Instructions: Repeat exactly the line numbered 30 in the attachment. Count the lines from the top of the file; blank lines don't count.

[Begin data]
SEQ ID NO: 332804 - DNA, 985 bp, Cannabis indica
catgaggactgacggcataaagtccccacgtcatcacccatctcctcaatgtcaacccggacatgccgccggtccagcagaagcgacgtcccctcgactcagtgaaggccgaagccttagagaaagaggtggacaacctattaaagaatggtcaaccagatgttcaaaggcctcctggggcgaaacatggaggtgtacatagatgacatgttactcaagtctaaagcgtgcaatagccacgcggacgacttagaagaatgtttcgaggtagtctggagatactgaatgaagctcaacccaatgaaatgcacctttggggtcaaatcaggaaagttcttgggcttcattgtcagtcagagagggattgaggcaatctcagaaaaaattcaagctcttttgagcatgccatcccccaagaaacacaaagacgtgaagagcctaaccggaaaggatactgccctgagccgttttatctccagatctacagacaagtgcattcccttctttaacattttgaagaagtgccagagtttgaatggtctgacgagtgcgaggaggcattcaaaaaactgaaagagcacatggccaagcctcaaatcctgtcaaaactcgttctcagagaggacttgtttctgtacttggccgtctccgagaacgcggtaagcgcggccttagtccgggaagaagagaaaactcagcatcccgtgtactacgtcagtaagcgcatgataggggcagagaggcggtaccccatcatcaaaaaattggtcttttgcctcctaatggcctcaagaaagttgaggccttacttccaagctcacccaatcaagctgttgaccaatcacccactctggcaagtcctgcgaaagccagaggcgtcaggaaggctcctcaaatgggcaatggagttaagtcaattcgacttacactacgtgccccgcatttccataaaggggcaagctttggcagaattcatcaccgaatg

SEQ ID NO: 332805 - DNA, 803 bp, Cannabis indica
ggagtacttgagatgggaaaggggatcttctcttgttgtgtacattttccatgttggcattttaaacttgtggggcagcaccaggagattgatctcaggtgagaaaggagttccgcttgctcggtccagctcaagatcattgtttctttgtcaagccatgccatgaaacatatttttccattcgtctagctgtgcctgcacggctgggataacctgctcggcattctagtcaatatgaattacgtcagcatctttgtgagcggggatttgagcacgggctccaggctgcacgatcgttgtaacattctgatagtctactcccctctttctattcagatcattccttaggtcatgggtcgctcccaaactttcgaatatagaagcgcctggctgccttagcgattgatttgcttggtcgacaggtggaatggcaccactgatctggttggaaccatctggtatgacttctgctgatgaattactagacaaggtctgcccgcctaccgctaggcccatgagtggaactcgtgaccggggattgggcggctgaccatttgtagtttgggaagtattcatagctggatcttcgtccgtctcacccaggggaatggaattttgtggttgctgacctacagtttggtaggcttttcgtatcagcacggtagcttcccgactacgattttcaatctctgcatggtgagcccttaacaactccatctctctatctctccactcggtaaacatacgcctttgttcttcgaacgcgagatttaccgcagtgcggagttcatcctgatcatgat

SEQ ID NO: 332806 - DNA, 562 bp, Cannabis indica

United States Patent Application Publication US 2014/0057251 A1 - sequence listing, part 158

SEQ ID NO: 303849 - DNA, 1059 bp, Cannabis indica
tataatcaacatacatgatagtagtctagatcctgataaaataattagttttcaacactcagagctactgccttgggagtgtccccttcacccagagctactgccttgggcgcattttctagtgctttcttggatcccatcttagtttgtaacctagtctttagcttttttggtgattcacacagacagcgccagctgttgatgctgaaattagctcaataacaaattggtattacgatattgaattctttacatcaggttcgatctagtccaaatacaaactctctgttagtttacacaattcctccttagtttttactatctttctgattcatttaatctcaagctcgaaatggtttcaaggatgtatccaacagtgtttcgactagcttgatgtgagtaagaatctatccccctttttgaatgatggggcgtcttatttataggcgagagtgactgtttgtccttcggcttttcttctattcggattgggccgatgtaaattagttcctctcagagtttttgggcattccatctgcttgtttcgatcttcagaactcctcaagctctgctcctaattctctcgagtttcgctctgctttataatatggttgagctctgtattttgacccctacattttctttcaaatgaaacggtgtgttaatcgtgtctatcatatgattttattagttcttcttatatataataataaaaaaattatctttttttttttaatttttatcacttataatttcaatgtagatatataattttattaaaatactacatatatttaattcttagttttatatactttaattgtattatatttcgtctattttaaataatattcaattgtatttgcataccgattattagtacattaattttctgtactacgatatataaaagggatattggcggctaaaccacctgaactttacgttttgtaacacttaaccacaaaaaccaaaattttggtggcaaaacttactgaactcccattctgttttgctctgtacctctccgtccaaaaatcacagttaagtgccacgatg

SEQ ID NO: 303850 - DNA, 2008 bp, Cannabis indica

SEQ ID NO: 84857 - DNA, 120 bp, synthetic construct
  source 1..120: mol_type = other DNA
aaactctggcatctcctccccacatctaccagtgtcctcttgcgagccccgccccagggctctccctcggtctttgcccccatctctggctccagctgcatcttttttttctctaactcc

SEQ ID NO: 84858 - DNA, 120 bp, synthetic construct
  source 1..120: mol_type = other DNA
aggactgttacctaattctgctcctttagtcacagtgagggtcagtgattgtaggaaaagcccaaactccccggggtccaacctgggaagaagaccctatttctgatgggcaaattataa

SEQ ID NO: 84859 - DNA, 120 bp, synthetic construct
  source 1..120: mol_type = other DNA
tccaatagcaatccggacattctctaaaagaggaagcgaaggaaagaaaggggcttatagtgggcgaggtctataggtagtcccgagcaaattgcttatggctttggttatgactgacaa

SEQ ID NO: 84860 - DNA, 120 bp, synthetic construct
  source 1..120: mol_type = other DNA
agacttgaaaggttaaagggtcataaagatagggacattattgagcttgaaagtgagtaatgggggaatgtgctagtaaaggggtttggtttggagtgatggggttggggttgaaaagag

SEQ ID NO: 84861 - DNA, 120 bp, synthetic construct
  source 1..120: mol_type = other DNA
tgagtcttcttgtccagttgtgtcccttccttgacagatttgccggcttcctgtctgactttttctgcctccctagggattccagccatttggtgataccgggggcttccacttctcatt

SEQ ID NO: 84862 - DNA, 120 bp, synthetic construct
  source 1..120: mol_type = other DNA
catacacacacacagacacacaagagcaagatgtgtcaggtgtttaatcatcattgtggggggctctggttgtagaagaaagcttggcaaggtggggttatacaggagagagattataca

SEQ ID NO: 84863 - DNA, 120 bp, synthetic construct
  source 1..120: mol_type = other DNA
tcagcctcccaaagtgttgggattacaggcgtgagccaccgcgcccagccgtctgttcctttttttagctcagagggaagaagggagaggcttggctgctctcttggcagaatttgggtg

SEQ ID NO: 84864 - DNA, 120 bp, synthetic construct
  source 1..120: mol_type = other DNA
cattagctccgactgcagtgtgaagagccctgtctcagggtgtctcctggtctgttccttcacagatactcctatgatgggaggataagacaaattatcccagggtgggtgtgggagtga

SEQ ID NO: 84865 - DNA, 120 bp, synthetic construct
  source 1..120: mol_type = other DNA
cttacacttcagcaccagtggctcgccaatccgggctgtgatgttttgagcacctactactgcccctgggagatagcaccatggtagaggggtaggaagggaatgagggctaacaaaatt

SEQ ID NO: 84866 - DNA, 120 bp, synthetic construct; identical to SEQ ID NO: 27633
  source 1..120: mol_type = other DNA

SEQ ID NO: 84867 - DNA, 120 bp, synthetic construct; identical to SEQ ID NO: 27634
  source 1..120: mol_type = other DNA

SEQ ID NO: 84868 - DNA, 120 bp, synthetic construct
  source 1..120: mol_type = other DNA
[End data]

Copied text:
tcagcctcccaaagtgttgggattacaggcgtgagccaccgcgcccagccgtctgttcctttttttagctcagagggaagaagggagaggcttggctgctctcttggcagaatttgggtg